Image this. You're on the run at DFW airport (typically running between terminals) and you need to find out the status of your connecting flight. You look at the monitor and see this.
Fortunately, my flight to Oklahoma City scrolled up one line, so I could see the actual flight time!
By the way, notice how many flights were late that evening!
Of course, I'm a software tester, so I'm very used to seeing error messages, confirmation messages, etc. - even while making a presentation!
But I wonder what the people think who (like my mother, bless her heart) calls me to ask, "What does this mean?" I can just image someone screaming at the monitor "No!, Don't abort the script!"
Now I'm not bashing American Airlines or the good people who work at DFW. I just think it's interesting to see when the error messages pop up in major places (Times Square, etc.).
By the way, here is the enlarged picture of the message:
On a somewhat-related topic, back on January 25th, I posted an observation about why there's one guy working at the postal counter and another guy working the "automated postal center".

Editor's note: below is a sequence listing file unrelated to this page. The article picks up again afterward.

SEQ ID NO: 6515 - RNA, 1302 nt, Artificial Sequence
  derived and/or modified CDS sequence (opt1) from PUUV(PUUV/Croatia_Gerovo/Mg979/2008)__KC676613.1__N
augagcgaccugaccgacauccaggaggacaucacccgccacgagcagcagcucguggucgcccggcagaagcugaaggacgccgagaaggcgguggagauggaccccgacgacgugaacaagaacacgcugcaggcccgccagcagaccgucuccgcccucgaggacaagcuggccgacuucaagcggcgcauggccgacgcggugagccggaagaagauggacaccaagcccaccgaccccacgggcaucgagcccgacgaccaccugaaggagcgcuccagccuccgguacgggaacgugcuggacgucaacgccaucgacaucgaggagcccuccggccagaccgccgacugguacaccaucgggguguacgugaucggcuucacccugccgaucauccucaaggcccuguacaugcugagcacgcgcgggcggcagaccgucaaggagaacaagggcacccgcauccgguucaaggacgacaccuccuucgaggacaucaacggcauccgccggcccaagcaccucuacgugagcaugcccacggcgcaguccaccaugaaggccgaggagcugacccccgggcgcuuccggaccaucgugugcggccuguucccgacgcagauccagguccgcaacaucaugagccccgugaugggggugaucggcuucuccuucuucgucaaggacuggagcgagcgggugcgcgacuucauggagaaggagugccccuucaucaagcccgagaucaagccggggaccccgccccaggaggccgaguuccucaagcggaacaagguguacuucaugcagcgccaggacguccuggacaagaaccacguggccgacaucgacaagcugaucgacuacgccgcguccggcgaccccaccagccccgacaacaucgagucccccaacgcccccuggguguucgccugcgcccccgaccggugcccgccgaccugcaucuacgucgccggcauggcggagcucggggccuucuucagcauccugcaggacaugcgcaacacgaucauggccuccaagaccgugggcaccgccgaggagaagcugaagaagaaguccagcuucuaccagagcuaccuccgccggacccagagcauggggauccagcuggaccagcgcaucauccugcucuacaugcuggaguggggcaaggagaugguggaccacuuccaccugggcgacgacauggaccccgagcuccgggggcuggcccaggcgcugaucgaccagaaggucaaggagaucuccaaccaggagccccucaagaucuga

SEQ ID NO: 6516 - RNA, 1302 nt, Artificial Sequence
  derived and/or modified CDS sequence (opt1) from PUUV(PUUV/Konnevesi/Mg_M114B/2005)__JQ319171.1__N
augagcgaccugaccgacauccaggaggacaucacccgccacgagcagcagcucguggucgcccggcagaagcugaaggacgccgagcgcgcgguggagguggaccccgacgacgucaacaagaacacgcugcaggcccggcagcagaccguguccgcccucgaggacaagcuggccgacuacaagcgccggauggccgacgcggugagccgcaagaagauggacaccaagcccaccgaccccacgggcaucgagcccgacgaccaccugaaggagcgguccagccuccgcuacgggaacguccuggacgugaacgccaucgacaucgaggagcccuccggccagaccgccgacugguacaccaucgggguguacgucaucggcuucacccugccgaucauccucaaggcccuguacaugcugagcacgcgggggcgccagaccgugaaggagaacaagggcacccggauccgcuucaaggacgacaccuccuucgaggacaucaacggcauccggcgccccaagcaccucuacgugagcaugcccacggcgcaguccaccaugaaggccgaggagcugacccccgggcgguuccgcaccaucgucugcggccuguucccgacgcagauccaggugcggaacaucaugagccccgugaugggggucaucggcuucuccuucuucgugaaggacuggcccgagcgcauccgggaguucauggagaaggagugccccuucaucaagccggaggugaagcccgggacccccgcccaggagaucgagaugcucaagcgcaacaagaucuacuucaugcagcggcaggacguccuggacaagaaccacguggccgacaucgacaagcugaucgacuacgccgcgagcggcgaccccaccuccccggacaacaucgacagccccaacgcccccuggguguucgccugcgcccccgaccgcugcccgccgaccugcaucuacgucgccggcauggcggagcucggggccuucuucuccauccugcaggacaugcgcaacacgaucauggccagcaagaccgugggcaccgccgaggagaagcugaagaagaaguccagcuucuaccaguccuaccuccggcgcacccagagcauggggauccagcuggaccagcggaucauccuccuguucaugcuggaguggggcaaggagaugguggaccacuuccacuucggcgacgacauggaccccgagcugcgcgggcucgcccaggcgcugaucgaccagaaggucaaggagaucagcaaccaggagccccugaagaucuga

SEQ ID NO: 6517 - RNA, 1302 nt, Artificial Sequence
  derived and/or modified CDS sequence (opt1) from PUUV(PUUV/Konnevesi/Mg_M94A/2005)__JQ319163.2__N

Well, last week I found out why. After standing behind a fellow for 10 minutes while he tried to mail a package, it became apparent that some people need training to use these things. It's not confusing or hard for me to use, but as this fellow apologized "Sorry, this is my first time using this." I offered my help, but he was still struggling. In this case, that other postal worker acting as a tutor would have been very helpful.
I don't know what all this means, but I know that:
1) Usability is subjective
2) Usability issues become fewer with more experience and/or training
3) Coaching can give a false impression that people can use software easier than they actually can use it.
4) Perhaps this is a long societal learning curve. As people get better using technology, maybe they won't struggle quite so much. However, as we software people keep pushing the envelope, the learning curve will keep moving.
As long as the confusion is at the post office or grocery store, not much can be harmed. However, think about the new technology being introduced into automobiles. That's scary!